During the Montecito mudslides in January 2018, intense rainfall precipitated a deluge of mud and soil runoff to create a devastating debris flow affecting Montecito and nearby communities.
As part of the mudslide cleanup effort, the sediments were transported to several places, including Goleta Beach, for beach nourishment. Concerns were raised with regard to this emergency response and its potential effects on the environment, as high fecal indicator bacteria (FIB) concentrations were detected in the sediments. Significantly elevated fecal bacterial levels in the ocean water resulted in the closure of Goleta Beach for six months.
UC Santa Barbara researchers from the Bren School of Environmental Science & Management and the Earth Research Institute examined the possible impacts of the sediment disposal on the water quality at Goleta Beach. Their findings are published in Water Research.
“The risks of sediment disposal for human health were unknown when sediments were disposed of on Goleta beach,” Dong Li, the lead author of the paper and a postdoctoral researcher in environmental microbiology Professor Patricia Holden’s lab, said in an email.
The investigators took regular samples of the beach sediments and surf zone water while the sediments were being disposed of continuously onto Goleta Beach during January and February of 2018. With these samples, they intended to investigate the source of the fecal pollution as human or animal and evaluate potential public health threats.
The scientists analyzed the samples for FIB, pathogens, the bacterial community composition and DNA fecal markers that would reveal the source of the fecal matter. Their testing confirmed that the increased FIB concentrations in the sediments and surf zone were due to sewage contamination — perhaps to be expected, since damaged sewer pipes and septic systems in houses had released human waste.
“The concentrations of fecal indicator bacteria detected in the surf zone water matched well with the predicted level based on the input from sediments disposed of on the beach,” Li stated.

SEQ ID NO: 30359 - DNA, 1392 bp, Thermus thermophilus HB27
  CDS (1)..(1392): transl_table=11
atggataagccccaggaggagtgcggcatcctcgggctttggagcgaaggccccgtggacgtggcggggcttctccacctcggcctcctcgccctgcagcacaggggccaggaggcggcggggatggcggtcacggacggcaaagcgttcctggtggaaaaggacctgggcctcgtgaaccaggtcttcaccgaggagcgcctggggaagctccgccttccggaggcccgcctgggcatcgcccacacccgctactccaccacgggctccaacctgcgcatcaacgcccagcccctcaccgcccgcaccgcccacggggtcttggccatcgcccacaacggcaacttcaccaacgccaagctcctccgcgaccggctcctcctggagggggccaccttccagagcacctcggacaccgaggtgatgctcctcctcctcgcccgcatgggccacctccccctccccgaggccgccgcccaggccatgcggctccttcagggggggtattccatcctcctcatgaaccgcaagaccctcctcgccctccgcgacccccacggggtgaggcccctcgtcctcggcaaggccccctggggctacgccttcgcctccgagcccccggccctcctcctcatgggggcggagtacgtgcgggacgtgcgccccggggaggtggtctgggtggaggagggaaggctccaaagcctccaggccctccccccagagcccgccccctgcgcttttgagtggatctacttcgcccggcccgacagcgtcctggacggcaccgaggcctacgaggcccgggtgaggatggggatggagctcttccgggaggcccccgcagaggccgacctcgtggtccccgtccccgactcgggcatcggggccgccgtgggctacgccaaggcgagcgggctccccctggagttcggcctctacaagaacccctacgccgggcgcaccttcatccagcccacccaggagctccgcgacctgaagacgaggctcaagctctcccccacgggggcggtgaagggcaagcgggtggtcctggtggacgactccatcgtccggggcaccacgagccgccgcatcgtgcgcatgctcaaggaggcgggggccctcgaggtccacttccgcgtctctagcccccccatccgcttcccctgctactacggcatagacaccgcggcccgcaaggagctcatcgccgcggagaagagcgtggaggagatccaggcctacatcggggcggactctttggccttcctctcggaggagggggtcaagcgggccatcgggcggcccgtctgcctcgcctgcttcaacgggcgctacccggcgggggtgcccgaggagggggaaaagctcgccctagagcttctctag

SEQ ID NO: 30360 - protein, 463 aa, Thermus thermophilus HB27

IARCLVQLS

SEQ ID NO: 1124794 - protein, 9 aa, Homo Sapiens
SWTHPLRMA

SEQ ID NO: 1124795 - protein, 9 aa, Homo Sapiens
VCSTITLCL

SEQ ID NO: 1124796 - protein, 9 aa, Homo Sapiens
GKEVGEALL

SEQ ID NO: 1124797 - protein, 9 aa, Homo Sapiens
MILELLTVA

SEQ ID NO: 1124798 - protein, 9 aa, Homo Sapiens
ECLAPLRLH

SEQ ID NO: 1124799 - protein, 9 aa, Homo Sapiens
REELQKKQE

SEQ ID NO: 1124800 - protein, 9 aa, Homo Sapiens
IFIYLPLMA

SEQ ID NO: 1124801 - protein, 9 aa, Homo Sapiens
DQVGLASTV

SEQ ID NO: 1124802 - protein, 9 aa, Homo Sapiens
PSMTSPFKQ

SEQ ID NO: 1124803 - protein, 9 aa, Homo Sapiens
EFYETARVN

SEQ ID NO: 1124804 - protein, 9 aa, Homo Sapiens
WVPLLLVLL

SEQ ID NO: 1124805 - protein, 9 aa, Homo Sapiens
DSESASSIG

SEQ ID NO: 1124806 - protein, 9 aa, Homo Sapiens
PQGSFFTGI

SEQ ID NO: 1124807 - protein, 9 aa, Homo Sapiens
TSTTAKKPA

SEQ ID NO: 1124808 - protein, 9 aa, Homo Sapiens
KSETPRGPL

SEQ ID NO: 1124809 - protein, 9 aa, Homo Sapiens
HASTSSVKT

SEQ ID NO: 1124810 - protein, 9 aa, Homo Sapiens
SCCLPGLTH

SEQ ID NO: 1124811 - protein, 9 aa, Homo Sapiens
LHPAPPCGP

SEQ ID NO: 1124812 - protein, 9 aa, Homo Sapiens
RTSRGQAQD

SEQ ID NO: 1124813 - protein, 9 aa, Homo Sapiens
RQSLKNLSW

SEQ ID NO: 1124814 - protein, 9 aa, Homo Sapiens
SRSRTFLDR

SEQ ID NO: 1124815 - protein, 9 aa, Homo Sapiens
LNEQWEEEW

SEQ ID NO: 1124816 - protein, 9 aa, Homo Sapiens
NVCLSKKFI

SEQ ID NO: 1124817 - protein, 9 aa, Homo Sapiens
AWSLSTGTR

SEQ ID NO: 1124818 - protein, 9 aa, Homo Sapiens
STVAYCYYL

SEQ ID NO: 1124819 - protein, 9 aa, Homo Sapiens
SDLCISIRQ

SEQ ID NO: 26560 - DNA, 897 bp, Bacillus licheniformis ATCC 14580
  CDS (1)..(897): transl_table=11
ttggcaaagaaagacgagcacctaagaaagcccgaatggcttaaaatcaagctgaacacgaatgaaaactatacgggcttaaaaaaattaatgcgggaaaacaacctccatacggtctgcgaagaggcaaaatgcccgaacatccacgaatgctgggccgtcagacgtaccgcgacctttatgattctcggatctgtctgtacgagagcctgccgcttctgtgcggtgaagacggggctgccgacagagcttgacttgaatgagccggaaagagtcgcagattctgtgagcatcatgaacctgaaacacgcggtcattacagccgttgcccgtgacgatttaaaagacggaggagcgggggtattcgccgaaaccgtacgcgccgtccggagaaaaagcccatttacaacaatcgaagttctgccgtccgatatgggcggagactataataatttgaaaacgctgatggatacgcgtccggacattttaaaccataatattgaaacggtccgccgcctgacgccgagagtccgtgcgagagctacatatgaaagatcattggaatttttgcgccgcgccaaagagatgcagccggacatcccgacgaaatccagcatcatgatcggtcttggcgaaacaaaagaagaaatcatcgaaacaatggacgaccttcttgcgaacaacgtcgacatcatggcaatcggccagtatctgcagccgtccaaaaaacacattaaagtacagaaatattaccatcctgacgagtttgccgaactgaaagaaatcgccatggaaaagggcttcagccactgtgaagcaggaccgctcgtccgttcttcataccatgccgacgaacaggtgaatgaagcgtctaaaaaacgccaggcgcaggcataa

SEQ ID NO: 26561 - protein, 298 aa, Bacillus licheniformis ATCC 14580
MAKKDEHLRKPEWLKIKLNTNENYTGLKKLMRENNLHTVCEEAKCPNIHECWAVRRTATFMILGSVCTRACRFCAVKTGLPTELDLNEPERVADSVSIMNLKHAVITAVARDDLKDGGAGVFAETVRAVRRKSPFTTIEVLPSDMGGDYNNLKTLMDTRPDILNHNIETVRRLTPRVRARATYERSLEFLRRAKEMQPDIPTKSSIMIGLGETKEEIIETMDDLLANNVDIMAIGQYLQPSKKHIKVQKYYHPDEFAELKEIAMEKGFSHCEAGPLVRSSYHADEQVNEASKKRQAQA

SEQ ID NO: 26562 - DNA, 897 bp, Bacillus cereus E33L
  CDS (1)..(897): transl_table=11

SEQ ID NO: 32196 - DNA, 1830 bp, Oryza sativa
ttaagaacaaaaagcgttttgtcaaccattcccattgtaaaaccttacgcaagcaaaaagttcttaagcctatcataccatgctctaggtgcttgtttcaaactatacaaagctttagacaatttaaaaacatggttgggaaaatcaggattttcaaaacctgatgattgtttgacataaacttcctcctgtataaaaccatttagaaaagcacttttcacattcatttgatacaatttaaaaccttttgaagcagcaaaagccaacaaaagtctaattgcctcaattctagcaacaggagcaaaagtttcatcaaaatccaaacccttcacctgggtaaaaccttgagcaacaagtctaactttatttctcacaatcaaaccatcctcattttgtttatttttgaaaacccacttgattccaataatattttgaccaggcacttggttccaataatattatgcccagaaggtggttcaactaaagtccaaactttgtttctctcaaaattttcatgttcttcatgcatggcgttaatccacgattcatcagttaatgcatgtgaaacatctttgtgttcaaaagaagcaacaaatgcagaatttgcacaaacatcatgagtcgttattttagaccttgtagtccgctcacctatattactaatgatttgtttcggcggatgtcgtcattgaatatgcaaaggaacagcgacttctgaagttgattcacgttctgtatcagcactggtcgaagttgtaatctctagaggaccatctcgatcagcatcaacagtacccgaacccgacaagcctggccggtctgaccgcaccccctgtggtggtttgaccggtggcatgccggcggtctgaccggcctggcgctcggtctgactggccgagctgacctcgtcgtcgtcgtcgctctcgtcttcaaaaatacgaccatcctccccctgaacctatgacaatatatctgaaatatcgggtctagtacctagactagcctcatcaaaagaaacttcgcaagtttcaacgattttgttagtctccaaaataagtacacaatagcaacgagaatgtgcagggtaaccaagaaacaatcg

The disposed beach sediments deteriorated the surf zone water quality and altered the surf zone microbiology temporarily. In their samples, the researchers detected DNA sequences of intestinal bacteria, including numerous possible human pathogens able to exist in soil or water.
Most of the bacteria would not have been harmful to beachgoers, according to Li.
“However, if there were human pathogens in sediments, they might be able to survive in the environments for a while, so if people [did] swim in the surf zone, they might inhale some pathogens and get infected,” Li said.
After around 10 days since the initial sediments were deposited on the beach, microbial contamination decreased greatly, according to Li. The surf zone water quality improved, likely from the ocean currents bringing in fresh nearshore waters to the area. FIB concentrations also continued to drop after sediment disposal ceased. Approximately three months later, they returned to 2017 levels.
“The combination of several microbial detection and source tracking methods such as fecal indicator bacteria, human and animal fecal DNA markers, and microbial community sequencing [were] very helpful to reveal the human or animal sources of fecal contamination, and further evaluate the potential microbial risks for human health when such [a] natural disaster happens and a lot of urban disaster waste needs to be cleared,” Li said.
For many years, the Holden Lab has been studying the water quality of Goleta Beach and other coastal waters. Li and the other members are continuing to monitor the local water quality. Currently, the lab is beginning wastewater surveillance for SARS-CoV-2 in the Santa Barbara region.
Numerous partners enabled the team to conduct their research at Goleta Beach, including UCSB’s Coastal Fund, the California State Water Resources Control Board, the Montecito Sanitary District, Heal the Ocean and the California NanoSystems Institute.